I believe that God has called me to a live of moderation. And that applies to what I eat. It may be that in time, I’ll come around to see that some of the foods that are trendy right now really are valuable, and start incorporating them into my diet. It may be that I’ll start buying more organic produce. But it’s just as likely that I’ll continue in my moderately healthy ways and buy traditional foods, like all-purpose flour and Wheat Thins. 

Because while I do believe that our bodies are gifts from God and we are called to be good stewards of them, for me it ends up being unhealthy in other ways to spend more time than I currently am thinking about what I’m eating. When I concentrate on it so much, it becomes an idol. And Jesus did say, “For life is more than food, and the body more than clothing.” (Luke 12:23) I’ve finally gotten back to my pre-pregnancy eating habits (and weight) and I’m feeling good. 

I would be amiss, however, to not mention that God has created some people to truly, deeply and passionately care about what they eat. And I do believe that you can be passionate about food without it being an idol. I just ask that they be passionate without condemning the choices of the rest of us. 😉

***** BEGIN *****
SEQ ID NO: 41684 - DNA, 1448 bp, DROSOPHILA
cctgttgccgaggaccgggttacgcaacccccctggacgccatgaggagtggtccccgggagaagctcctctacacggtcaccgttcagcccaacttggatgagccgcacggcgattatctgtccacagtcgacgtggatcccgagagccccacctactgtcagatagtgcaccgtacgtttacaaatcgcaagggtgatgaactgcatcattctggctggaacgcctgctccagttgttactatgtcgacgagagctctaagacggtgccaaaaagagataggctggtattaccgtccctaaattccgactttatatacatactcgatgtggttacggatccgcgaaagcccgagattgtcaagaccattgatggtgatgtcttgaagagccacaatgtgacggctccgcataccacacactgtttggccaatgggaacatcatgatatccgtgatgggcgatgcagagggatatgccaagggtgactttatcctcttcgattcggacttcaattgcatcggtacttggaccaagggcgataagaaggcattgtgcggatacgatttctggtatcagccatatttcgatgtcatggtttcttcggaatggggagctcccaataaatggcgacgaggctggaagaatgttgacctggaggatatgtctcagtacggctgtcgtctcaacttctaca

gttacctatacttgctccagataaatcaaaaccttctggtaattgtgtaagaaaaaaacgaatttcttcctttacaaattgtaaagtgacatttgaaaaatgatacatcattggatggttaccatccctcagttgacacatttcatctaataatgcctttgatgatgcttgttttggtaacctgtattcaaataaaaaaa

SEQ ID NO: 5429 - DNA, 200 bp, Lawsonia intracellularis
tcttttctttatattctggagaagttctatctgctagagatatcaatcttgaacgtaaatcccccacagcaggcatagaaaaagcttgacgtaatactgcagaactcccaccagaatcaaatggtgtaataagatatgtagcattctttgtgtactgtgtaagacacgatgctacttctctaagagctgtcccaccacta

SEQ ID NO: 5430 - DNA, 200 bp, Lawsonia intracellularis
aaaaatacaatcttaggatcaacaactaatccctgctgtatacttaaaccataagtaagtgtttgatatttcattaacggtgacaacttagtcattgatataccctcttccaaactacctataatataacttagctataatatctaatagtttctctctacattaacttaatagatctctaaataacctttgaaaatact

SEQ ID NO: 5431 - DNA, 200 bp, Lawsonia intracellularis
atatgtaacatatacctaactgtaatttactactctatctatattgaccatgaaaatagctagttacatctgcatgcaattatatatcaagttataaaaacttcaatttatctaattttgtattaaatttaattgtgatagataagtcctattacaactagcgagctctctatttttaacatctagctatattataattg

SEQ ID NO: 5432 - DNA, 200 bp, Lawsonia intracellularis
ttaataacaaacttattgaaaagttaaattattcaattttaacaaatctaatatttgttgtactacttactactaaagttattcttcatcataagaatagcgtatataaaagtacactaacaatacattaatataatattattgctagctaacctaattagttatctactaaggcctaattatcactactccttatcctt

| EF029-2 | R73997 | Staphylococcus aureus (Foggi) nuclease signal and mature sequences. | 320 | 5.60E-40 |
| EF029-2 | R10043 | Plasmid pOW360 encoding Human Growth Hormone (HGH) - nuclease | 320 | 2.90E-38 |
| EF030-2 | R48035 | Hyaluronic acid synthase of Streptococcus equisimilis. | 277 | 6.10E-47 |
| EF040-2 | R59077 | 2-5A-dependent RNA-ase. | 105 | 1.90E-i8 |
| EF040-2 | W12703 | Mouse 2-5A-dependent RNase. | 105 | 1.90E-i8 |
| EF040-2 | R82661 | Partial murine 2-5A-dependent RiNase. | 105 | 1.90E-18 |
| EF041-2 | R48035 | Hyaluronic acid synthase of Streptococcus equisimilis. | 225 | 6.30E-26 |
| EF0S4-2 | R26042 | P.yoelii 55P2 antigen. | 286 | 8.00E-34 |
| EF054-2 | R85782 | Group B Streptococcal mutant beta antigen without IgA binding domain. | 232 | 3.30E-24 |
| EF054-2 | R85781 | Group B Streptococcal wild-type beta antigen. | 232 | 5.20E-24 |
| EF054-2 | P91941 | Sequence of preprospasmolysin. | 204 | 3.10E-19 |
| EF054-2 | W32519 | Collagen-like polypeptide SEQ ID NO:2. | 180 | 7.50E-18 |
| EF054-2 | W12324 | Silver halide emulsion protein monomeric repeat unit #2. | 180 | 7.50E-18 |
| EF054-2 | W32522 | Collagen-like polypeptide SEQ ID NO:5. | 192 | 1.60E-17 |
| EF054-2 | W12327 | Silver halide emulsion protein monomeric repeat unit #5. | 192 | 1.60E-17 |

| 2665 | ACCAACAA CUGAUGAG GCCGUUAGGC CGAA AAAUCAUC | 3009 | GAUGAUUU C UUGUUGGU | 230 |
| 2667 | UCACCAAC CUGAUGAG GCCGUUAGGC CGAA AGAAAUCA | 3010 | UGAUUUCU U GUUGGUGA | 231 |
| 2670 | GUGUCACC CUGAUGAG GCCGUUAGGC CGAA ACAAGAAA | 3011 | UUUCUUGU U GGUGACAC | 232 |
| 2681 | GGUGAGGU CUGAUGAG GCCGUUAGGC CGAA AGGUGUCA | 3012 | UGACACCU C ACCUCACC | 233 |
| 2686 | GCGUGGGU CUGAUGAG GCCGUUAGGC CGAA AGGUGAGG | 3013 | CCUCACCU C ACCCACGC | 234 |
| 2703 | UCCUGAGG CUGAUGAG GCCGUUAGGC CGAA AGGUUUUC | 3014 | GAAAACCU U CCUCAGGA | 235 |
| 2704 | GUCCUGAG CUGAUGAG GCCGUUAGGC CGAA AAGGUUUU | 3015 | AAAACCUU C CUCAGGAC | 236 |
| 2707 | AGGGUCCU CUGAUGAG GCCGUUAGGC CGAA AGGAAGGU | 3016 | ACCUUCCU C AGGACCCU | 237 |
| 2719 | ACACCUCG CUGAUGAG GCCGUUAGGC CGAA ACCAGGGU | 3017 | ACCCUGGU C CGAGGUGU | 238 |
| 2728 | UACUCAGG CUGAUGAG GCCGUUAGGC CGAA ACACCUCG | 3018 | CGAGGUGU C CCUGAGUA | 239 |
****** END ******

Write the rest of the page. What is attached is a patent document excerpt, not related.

Worth Repeating {8/12/14}

11 Aug

This is a weekly series where I share quotes, sayings and verses that I enjoyed and found to be worth repeating.worth_repeating

Travis was looking for a book to read on his work trip yesterday and I came across a book I never finished but had enjoyed immensely called “He Leadeth Me” by Fr. Walter J. Ciszek, S.J. Walter was captured by the Russians during World War II and held prisoner as a “Vatican spy” for 23 years. Here is one thing he learned: